"Jerome Bixby's The Man From Earth really has a chance of being the single best piece of screenwriting you will see on a screen large or small this year (really!)."  - Late Film

“A considerable achievement… a picture which deserves wide exposure… The Man From Earth gradually and stimulatingly builds to a pitch of near hypnotic intensity.” – Neil Young, The Hollywood Reporter

“The Man From Earth restores dignity to science fiction of the mind." - Michael Guillen, Twitch (www.twitch.com)

"A tall tale... that ends with a devastatingly clever twist." - Michael Janusonis, The Providence Journal

"An intelligent fantasy." – Ed Grant, Video Business

“One film has taken us back to the good old days of classic sci-fi; The Man From Earth… If you love science fiction, this is a must for you.” – Doug MacLean, Home Theater Info (www.hometheaterinfo.com)

The Man From Earth is an interesting and highly intense film… full of good actors and actresses that rarely get the attention they so rightfully deserve… Richard Schenkman directs with a careful hand.” – Charlie K, Associated Content (www.associatedcontent.com)

The Man From Earth is very much a labor of love from all involved… it’s well worth the effort. The final work from the writer responsible for some of the finest episodes of “The Twilight Zone” and the original “Star Trek” gets a thoughtful, low-budget treatment.” – Ian Spelling, Sci Fi.com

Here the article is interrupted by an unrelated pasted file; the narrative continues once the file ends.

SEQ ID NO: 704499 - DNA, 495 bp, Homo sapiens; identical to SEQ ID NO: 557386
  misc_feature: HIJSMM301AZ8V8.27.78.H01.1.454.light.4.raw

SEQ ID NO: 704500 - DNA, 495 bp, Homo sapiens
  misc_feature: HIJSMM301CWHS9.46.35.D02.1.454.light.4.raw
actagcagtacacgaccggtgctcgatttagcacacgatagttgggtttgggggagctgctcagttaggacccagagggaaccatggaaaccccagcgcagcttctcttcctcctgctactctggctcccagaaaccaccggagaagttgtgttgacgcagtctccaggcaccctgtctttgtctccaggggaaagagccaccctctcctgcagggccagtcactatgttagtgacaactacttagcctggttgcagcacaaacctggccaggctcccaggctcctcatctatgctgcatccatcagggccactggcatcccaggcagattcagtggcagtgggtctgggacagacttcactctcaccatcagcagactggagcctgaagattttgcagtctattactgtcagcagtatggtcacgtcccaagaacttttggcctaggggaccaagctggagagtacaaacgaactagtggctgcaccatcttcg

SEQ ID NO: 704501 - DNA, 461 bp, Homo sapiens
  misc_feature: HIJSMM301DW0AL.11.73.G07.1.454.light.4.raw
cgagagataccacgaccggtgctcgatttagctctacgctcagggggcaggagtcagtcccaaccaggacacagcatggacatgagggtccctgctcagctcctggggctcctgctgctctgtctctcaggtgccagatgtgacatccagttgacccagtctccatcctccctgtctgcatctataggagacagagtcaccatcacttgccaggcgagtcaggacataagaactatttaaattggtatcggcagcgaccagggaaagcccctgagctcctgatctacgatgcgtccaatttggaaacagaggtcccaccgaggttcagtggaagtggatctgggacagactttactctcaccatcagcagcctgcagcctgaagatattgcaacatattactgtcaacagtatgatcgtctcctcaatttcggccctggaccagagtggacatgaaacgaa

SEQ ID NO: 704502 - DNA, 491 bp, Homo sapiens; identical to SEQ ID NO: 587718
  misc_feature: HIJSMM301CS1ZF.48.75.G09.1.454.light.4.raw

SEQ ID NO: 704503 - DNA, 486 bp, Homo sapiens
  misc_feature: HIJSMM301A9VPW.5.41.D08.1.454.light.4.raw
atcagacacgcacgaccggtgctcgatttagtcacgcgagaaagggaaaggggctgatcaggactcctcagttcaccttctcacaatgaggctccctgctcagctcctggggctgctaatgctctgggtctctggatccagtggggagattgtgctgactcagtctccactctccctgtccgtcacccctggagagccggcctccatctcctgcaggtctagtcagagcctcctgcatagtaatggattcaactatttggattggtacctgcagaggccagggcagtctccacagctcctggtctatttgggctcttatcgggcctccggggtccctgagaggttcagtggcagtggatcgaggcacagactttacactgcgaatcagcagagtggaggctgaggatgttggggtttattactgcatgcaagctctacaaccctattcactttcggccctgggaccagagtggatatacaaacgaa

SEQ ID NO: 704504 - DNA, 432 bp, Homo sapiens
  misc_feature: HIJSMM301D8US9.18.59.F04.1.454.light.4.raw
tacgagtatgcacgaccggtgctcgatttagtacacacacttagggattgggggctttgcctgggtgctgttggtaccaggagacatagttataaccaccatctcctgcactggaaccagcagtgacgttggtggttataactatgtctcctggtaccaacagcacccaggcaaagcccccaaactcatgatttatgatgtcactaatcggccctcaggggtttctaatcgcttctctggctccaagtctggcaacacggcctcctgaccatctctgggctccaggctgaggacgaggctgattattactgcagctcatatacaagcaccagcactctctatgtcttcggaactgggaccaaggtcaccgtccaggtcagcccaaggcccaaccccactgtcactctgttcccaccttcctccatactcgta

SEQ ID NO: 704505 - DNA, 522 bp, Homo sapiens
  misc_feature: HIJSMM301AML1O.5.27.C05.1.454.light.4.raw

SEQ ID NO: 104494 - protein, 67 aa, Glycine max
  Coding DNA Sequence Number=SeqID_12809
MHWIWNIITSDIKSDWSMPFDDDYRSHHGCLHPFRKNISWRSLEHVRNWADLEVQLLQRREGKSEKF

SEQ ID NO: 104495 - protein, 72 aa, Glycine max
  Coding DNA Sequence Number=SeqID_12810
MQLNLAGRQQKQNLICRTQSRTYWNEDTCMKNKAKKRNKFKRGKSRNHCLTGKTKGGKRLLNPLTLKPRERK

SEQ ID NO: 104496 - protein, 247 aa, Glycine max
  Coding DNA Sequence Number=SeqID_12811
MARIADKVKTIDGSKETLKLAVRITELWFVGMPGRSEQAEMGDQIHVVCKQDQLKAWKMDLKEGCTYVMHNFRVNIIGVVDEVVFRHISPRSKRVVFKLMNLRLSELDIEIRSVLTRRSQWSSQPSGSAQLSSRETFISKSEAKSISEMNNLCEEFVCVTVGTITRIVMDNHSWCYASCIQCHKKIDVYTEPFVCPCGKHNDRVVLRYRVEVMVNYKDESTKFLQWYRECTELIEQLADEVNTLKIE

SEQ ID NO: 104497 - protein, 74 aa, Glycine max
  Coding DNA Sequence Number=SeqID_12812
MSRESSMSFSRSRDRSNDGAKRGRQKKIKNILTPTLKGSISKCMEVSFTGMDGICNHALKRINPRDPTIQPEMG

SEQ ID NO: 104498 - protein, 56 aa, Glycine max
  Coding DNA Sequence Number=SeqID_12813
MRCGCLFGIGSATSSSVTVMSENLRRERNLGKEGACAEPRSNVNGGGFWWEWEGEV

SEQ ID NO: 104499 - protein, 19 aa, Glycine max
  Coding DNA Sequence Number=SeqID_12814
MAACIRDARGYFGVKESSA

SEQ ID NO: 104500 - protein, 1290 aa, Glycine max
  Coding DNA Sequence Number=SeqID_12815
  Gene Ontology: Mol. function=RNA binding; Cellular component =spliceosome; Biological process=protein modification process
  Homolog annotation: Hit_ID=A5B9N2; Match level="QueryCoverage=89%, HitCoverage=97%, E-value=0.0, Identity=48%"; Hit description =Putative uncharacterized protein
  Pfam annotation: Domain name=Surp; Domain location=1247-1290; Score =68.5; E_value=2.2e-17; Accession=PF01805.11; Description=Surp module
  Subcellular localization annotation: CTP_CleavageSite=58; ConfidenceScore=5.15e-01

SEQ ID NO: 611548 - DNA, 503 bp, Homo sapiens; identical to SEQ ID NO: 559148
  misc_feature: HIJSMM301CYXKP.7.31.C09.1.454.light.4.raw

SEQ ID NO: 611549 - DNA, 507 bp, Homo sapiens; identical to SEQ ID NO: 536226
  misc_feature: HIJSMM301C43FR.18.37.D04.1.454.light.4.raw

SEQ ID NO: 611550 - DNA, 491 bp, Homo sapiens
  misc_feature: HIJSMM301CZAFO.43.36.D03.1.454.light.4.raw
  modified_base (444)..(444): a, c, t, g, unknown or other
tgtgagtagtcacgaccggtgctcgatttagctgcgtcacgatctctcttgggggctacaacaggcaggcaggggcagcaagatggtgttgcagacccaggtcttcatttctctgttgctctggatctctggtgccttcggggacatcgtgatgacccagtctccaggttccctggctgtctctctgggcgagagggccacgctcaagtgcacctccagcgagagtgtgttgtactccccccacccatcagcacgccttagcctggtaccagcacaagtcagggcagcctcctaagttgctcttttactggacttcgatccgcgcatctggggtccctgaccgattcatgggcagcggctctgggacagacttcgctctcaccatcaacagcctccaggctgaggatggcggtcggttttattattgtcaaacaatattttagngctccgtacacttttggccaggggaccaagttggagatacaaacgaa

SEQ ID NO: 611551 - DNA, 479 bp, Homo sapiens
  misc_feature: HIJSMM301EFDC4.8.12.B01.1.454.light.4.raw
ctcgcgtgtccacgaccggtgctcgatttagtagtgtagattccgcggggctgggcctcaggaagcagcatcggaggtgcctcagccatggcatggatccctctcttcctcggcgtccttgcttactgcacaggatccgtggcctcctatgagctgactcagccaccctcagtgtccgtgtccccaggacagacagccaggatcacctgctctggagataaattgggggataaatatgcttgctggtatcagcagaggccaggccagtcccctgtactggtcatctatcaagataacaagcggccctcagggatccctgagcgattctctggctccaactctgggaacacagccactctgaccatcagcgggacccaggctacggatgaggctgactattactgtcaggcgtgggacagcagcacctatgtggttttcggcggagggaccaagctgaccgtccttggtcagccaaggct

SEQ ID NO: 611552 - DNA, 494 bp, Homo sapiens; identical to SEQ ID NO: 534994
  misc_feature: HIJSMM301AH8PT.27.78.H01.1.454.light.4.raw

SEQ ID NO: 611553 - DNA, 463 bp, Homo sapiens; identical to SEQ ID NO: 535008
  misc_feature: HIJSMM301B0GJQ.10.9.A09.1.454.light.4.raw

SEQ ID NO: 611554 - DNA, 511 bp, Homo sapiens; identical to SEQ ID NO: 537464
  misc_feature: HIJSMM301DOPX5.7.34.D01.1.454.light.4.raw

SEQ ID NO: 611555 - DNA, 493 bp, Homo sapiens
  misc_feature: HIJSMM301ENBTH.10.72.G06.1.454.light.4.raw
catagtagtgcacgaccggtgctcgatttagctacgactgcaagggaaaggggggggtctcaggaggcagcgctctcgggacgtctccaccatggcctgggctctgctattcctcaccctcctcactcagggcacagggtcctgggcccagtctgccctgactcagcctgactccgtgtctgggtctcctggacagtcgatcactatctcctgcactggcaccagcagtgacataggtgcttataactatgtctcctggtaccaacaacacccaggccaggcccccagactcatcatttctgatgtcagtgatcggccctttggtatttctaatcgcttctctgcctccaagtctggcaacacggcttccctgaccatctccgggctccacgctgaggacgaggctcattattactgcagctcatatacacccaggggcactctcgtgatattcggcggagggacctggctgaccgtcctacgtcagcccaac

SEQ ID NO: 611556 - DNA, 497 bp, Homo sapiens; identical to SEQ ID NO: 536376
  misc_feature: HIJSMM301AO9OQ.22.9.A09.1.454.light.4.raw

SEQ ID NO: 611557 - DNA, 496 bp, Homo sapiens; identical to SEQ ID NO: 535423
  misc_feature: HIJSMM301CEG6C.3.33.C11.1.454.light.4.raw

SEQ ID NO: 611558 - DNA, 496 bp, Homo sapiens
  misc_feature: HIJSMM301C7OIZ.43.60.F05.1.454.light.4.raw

The Man From Earth is one of the best movies I’ve seen all year…  Director Richard Schenkman has cast the film brilliantly… the premise and follow through of Schenkman’s film is simply irresistible.” – Nix, Beyond Hollywood (www.beyondhollywood.com)

Originally presented as a motion picture in 2007, Jerome Bixby's The Man From Earth has been produced on stages around the world since 2008.


6m, 3f


Ensemble cast, Non-Traditional casting, Reduced casting (Doubling Possible), Local Celebrity Cameo, Multicultural casting, Strong Role for Leading Man (Star Vehicle), Parts for Senior Actors


N/A (Not a musical)

JOHN OLDMAN – About 35, good looking, competent, easygoing history professor
DAN – 60-ish professor of anthropology; big, fit
HARRY – 50’s professor of biology; stocky, likable
EDITH – 50’s, art history professor; a hint of the spinster about her
SANDY – Late 20’s; fiercely intelligent, but reticent
ART – 50’s, but holding desperately onto youth; archeology professor